I knew it was coming but I had no idea that the arrow of this accomplishment would hit so deeply in my heart: Dad’s last day.

The picture came on a Facebook post and there they were, my parents, standing behind a purchased grocery store cake in the kitchen of a country church. How typical.  Such a humble scene and yet so glorious. For eleven years he faithfully showed up every Wednesday to pour into the souls of whoever showed up to glean from the wisdom and knowledge of his lifetime of committed studies as an accomplished pastor-teacher. No. More than this – a recipient of a doctorate that was self-deserved. Almost 70 years of more than a successful ministry.  This small group ingested first-class teachings of the last days of this beautiful man’s life and this day; it would come to an end.  At 95 – he was ready to rest his commission.

I gazed into his face and remembered the many scenes that flashed before me – almost in black and white – as the little girl on the bus that he drove with several dozen teenagers seated in the back – singing choruses about the goodness of Jesus. 1960.

I remembered sitting in his lap sharing an ice cream cone from Mr. Frosty – the ice cream truck that wandered through the St. Louis neighborhood on a hot, summer evening.  I remembered the footsteps of a faithful servant shuffling down a concrete driveway in the hours before dawn and knowing that he was on his way to a secluded place to be with Jesus and His Word – to glean from those beautiful pages of Scripture that teach us all ways that are contrary to this world. Faithful servant.  I remembered the man who sat in my bedroom as I struggled with the realities of being a teenager and how he reasoned with me with gentleness and grace. Faithful parent.  I remembered the father who pleaded with me to stop in a wayward direction and go back to the goodness of God. Longsuffering parent.  I remembered the man who handed me a Bible and invited me to join him in a simple time of reading and time with God and it was in that moment – I did – I remembered God.  And I came home.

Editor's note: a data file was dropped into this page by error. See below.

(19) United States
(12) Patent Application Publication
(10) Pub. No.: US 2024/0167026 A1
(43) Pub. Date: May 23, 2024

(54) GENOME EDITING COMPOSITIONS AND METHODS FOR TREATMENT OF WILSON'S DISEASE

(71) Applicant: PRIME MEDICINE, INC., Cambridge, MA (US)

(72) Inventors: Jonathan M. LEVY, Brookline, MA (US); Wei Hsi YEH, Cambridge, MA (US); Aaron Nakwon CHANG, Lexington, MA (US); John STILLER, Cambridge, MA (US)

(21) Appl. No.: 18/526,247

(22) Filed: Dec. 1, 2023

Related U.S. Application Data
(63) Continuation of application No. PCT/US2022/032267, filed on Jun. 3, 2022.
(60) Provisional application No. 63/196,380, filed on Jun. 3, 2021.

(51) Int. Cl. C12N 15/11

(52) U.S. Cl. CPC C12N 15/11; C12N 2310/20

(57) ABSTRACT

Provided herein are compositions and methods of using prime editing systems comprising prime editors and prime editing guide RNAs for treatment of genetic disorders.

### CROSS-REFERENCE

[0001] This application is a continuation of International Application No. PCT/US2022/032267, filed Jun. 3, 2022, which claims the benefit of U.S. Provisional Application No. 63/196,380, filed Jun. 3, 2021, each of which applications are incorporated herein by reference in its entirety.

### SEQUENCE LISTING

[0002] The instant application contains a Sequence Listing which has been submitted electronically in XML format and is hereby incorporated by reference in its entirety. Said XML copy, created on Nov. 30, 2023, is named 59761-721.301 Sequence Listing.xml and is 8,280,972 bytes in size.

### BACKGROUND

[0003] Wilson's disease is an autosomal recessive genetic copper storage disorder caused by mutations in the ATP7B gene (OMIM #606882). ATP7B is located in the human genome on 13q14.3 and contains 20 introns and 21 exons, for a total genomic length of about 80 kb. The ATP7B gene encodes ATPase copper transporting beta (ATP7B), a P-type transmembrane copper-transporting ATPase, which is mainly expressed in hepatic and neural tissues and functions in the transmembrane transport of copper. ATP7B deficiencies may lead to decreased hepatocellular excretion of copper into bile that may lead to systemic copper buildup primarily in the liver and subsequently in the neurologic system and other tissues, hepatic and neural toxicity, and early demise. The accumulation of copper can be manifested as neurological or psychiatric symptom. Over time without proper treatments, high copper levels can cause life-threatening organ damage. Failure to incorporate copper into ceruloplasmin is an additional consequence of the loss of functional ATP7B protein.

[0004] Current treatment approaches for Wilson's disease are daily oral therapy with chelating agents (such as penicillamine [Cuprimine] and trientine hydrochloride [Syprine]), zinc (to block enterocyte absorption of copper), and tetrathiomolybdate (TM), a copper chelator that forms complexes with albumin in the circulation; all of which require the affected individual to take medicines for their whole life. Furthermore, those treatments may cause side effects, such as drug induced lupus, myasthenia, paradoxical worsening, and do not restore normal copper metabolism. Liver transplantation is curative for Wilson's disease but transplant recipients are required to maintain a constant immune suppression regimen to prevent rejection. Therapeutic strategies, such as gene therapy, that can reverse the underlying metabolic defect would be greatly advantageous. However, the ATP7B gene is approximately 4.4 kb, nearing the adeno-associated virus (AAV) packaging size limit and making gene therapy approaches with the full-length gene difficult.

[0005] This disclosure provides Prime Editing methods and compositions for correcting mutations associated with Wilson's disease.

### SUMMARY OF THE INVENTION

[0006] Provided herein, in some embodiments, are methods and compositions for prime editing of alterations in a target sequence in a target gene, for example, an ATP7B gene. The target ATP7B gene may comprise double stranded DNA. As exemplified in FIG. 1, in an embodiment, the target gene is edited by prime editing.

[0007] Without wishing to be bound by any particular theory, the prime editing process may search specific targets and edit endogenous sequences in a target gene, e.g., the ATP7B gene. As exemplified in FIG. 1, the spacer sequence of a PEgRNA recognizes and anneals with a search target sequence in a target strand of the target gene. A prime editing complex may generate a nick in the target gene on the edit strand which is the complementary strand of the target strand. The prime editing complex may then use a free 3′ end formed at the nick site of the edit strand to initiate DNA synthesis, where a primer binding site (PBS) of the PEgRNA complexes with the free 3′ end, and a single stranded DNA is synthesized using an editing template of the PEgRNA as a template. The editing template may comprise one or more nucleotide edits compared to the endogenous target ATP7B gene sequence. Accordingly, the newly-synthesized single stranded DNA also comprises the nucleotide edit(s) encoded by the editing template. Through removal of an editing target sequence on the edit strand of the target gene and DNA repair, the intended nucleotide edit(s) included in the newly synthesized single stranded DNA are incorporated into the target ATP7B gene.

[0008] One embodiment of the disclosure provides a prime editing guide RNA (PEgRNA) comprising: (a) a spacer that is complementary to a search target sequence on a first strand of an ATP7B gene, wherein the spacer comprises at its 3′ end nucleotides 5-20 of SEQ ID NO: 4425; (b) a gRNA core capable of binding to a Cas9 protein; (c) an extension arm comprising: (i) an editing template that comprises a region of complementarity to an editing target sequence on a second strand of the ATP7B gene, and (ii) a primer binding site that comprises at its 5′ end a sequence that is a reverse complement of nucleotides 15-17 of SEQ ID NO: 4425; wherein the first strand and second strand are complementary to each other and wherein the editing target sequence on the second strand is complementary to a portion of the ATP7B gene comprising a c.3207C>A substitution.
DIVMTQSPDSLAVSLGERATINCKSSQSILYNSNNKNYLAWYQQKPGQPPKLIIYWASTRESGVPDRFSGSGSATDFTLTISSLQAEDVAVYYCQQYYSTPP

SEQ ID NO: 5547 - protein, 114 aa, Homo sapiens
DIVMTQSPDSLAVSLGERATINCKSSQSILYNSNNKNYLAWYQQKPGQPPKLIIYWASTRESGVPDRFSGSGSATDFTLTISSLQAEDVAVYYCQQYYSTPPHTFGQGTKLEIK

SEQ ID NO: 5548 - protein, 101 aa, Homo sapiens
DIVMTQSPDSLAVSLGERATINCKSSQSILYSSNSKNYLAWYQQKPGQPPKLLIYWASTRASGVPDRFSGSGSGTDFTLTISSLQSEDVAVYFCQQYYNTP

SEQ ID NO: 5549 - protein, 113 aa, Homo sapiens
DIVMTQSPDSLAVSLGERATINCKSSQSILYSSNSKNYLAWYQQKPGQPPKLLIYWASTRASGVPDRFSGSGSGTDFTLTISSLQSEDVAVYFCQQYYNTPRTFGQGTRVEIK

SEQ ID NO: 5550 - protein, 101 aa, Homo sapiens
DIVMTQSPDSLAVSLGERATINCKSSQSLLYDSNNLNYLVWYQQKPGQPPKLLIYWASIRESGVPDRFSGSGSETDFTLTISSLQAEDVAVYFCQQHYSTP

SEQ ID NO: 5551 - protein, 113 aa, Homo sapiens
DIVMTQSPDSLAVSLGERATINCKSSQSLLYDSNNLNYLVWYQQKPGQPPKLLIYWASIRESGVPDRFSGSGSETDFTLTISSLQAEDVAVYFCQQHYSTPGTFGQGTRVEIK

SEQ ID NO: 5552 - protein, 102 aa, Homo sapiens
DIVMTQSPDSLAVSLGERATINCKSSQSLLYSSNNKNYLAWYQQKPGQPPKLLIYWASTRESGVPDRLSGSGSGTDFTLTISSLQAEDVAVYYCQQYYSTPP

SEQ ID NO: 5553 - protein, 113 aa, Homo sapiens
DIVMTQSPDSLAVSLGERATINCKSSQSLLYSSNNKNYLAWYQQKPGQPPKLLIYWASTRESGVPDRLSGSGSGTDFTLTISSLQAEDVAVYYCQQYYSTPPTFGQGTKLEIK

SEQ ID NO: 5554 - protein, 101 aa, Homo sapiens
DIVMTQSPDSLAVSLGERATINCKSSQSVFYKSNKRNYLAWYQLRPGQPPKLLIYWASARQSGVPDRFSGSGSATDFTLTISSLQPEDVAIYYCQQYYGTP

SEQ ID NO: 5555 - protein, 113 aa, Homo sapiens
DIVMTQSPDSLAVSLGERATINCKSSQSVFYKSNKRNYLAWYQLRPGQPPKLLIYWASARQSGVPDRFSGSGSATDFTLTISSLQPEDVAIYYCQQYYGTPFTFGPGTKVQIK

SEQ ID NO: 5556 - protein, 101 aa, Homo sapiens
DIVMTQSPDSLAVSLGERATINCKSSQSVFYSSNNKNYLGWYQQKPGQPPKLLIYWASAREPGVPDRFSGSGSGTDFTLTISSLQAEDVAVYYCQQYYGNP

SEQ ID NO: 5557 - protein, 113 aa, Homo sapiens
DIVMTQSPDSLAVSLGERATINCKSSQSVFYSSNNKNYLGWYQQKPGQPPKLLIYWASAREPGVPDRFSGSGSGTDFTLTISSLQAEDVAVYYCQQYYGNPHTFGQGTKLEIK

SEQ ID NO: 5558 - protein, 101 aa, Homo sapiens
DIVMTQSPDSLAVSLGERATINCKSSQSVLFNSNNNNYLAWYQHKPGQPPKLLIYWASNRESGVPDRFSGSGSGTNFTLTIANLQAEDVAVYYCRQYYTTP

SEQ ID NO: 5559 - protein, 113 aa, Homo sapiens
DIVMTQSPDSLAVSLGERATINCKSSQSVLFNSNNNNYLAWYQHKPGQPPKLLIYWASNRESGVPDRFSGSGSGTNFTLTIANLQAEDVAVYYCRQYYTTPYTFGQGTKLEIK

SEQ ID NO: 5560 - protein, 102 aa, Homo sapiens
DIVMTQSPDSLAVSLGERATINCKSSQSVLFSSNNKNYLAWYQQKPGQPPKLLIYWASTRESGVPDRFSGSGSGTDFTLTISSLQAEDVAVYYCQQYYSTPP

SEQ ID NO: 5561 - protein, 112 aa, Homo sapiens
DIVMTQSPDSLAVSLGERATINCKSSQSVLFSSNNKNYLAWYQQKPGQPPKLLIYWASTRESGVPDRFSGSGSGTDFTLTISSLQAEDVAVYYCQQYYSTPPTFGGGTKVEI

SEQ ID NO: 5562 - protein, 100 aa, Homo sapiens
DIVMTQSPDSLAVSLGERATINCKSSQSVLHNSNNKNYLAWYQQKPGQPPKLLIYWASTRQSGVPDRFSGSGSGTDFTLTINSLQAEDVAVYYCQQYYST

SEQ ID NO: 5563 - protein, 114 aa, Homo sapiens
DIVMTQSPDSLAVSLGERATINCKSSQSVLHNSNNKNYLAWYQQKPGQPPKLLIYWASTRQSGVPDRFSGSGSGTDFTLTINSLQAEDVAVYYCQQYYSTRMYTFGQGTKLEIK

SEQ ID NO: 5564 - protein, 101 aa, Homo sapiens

So for many – you see an old man who served God well.  But for me, I remember a man who served me well because He served God well.

Today was Dad’s last day.  But for God, his days are eternal.  And too for me, his days are eternal.  What he taught me will never end and I will spend my life – until my last day trying to experience what he experienced. Trying to give what he gave.  No showy platforms – no big accolades – no “big shot.”  But I remember this – when Billy Graham died, he said to me – “There are no big shots in heaven.” True that Dad. But to me – you’re the big shot. I love you. I’m proud of you. I’m grateful for you, and I thank you.

You are the greatest man I will ever know.